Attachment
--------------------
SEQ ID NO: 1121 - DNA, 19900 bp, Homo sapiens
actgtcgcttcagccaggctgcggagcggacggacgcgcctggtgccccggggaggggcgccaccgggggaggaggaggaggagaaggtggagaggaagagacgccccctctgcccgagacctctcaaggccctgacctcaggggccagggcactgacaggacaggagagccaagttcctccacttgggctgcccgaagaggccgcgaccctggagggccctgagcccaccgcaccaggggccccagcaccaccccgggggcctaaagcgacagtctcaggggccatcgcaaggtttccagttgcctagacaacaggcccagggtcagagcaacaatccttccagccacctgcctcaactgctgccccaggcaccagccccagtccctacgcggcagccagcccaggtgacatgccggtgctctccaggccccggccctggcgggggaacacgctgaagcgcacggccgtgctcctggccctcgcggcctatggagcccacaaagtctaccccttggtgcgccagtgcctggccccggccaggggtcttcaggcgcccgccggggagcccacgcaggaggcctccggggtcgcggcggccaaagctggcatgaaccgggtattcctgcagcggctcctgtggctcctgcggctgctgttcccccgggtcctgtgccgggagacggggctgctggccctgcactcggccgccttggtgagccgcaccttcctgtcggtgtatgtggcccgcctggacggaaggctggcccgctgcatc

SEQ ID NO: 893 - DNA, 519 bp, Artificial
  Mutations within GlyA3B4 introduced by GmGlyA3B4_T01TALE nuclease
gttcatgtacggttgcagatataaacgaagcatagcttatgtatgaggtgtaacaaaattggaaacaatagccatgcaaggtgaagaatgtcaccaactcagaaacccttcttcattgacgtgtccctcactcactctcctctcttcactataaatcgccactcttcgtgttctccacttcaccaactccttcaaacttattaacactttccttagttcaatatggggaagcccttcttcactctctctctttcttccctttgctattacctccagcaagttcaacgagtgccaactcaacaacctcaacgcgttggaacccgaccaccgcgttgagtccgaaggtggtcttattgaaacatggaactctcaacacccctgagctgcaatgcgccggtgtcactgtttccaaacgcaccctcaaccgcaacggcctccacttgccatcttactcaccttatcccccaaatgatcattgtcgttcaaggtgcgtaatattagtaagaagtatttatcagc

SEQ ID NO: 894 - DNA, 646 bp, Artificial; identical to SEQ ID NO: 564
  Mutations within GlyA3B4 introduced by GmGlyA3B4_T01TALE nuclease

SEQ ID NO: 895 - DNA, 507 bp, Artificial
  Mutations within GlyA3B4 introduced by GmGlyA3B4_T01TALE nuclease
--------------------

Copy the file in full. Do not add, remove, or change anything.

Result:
SEQ ID NO: 1121 - DNA, 19900 bp, Homo sapiens
actgtcgcttcagccaggctgcggagcggacggacgcgcctggtgccccggggaggggcgccaccgggggaggaggaggaggagaaggtggagaggaagagacgccccctctgcccgagacctctcaaggccctgacctcaggggccagggcactgacaggacaggagagccaagttcctccacttgggctgcccgaagaggccgcgaccctggagggccctgagcccaccgcaccaggggccccagcaccaccccgggggcctaaagcgacagtctcaggggccatcgcaaggtttccagttgcctagacaacaggcccagggtcagagcaacaatccttccagccacctgcctcaactgctgccccaggcaccagccccagtccctacgcggcagccagcccaggtgacatgccggtgctctccaggccccggccctggcgggggaacacgctgaagcgcacggccgtgctcctggccctcgcggcctatggagcccacaaagtctaccccttggtgcgccagtgcctggccccggccaggggtcttcaggcgcccgccggggagcccacgcaggaggcctccggggtcgcggcggccaaagctggcatgaaccgggtattcctgcagcggctcctgtggctcctgcggctgctgttcccccgggtcctgtgccgggagacggggctgctggccctgcactcggccgccttggtgagccgcaccttcctgtcggtgtatgtggcccgcctggacggaaggctggcccgctgcatc

SEQ ID NO: 893 - DNA, 519 bp, Artificial
  Mutations within GlyA3B4 introduced by GmGlyA3B4_T01TALE nuclease
gttcatgtacggttgcagatataaacgaagcatagcttatgtatgaggtgtaacaaaattggaaacaatagccatgcaaggtgaagaatgtcaccaactcagaaacccttcttcattgacgtgtccctcactcactctcctctcttcactataaatcgccactcttcgtgttctccacttcaccaactccttcaaacttattaacactttccttagttcaatatggggaagcccttcttcactctctctctttcttccctttgctattacctccagcaagttcaacgagtgccaactcaacaacctcaacgcgttggaacccgaccaccgcgttgagtccgaaggtggtcttattgaaacatggaactctcaacacccctgagctgcaatgcgccggtgtcactgtttccaaacgcaccctcaaccgcaacggcctccacttgccatcttactcaccttatcccccaaatgatcattgtcgttcaaggtgcgtaatattagtaagaagtatttatcagc

SEQ ID NO: 894 - DNA, 646 bp, Artificial; identical to SEQ ID NO: 564
  Mutations within GlyA3B4 introduced by GmGlyA3B4_T01TALE nuclease

SEQ ID NO: 895 - DNA, 507 bp, Artificial
  Mutations within GlyA3B4 introduced by GmGlyA3B4_T01TALE nuclease